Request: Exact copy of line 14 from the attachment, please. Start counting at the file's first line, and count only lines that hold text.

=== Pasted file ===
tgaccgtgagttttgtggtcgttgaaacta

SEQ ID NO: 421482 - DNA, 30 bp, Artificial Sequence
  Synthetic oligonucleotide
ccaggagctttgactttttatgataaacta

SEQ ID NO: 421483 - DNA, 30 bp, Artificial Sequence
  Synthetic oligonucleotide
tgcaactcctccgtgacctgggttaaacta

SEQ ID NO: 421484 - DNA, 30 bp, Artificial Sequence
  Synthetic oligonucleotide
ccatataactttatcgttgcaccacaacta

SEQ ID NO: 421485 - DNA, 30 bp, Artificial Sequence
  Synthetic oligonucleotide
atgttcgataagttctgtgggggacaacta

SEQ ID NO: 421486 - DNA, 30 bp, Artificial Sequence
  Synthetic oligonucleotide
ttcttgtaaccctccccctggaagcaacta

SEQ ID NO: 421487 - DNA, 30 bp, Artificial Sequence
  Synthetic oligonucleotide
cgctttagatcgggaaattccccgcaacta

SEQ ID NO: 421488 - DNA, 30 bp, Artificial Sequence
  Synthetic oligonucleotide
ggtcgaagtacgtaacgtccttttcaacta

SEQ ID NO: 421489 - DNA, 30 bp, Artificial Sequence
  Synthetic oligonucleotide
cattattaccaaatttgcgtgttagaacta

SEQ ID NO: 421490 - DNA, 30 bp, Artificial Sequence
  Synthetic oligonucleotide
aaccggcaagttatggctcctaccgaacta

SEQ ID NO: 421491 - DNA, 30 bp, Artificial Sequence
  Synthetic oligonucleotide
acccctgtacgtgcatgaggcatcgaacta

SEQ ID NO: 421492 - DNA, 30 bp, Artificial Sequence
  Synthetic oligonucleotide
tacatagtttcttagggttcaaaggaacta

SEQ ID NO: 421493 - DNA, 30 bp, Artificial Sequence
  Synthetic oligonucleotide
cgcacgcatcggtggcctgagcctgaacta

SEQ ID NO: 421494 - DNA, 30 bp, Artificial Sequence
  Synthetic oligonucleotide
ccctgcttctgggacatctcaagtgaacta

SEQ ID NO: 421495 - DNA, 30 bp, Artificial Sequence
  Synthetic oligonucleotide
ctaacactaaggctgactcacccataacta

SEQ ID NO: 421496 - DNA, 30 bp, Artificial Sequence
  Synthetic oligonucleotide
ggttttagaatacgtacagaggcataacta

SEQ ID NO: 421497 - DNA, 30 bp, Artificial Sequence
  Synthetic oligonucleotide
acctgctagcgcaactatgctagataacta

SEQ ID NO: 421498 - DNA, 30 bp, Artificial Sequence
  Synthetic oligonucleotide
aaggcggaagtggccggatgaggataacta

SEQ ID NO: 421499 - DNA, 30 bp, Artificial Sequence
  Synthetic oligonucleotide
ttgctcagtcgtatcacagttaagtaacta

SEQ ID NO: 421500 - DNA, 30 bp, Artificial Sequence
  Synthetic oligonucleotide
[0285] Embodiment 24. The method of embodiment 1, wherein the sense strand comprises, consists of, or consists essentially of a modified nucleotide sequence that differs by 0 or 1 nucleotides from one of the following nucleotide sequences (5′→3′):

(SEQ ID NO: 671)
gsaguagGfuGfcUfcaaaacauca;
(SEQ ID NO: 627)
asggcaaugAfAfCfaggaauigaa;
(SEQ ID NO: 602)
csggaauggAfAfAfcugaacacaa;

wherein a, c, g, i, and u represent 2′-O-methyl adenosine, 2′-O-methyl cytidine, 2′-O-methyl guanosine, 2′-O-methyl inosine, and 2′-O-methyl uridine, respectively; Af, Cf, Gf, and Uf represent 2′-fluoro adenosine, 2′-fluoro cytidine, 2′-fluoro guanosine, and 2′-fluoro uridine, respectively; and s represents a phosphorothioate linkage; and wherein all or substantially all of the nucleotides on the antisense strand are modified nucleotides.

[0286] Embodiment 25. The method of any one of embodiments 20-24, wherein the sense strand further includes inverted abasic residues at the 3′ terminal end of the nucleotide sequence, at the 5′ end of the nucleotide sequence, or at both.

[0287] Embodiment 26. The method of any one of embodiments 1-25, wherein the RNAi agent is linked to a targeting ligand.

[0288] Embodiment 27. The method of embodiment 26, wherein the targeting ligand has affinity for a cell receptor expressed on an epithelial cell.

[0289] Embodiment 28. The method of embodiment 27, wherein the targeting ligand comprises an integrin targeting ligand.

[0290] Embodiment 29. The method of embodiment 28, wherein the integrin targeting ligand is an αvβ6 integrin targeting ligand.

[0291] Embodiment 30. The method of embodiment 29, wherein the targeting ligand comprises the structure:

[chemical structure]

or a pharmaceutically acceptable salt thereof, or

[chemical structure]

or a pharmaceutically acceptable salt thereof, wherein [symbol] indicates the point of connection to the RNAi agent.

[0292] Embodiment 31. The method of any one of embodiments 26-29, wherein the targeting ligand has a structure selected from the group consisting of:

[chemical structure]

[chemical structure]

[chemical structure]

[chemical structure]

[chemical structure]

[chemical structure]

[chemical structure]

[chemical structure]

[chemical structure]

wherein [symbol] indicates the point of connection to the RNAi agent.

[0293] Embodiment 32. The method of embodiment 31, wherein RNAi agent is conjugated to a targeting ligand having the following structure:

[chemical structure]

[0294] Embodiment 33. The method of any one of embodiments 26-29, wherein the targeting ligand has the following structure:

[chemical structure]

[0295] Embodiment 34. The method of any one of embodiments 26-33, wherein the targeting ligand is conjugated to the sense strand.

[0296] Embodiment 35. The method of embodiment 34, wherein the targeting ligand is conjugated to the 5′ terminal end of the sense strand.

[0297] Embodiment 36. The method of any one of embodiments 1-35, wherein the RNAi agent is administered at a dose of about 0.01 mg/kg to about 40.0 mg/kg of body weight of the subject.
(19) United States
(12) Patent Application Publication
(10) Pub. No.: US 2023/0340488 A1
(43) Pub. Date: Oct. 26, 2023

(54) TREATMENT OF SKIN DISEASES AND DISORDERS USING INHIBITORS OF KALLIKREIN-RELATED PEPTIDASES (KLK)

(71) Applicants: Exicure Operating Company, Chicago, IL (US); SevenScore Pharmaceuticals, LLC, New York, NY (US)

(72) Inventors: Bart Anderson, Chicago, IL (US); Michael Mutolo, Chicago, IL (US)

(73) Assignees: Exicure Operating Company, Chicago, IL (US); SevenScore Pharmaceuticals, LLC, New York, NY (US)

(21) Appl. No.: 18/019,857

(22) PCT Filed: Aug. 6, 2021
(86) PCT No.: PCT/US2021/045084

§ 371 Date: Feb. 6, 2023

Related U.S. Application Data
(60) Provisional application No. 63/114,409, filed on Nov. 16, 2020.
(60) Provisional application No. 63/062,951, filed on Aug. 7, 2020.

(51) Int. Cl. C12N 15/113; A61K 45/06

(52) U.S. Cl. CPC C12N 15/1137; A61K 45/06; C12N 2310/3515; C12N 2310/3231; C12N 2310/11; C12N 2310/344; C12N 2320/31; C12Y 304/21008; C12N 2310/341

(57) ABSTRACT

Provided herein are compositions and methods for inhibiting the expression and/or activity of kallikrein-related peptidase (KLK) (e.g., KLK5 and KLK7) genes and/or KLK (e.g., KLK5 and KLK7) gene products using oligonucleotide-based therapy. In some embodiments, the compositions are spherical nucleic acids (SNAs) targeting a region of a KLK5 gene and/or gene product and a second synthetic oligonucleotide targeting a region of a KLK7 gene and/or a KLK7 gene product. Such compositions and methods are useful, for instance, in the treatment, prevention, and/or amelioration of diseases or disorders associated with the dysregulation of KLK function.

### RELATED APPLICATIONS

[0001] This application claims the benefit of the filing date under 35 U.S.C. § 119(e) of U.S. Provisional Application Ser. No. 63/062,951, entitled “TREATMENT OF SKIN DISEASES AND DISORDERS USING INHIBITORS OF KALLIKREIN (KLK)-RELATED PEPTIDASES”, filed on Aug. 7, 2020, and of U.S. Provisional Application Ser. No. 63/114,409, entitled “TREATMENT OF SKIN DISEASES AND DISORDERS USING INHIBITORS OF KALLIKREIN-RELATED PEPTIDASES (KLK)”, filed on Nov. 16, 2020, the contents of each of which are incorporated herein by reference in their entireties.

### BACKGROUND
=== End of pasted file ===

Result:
SEQ ID NO: 421486 - DNA, 30 bp, Artificial Sequence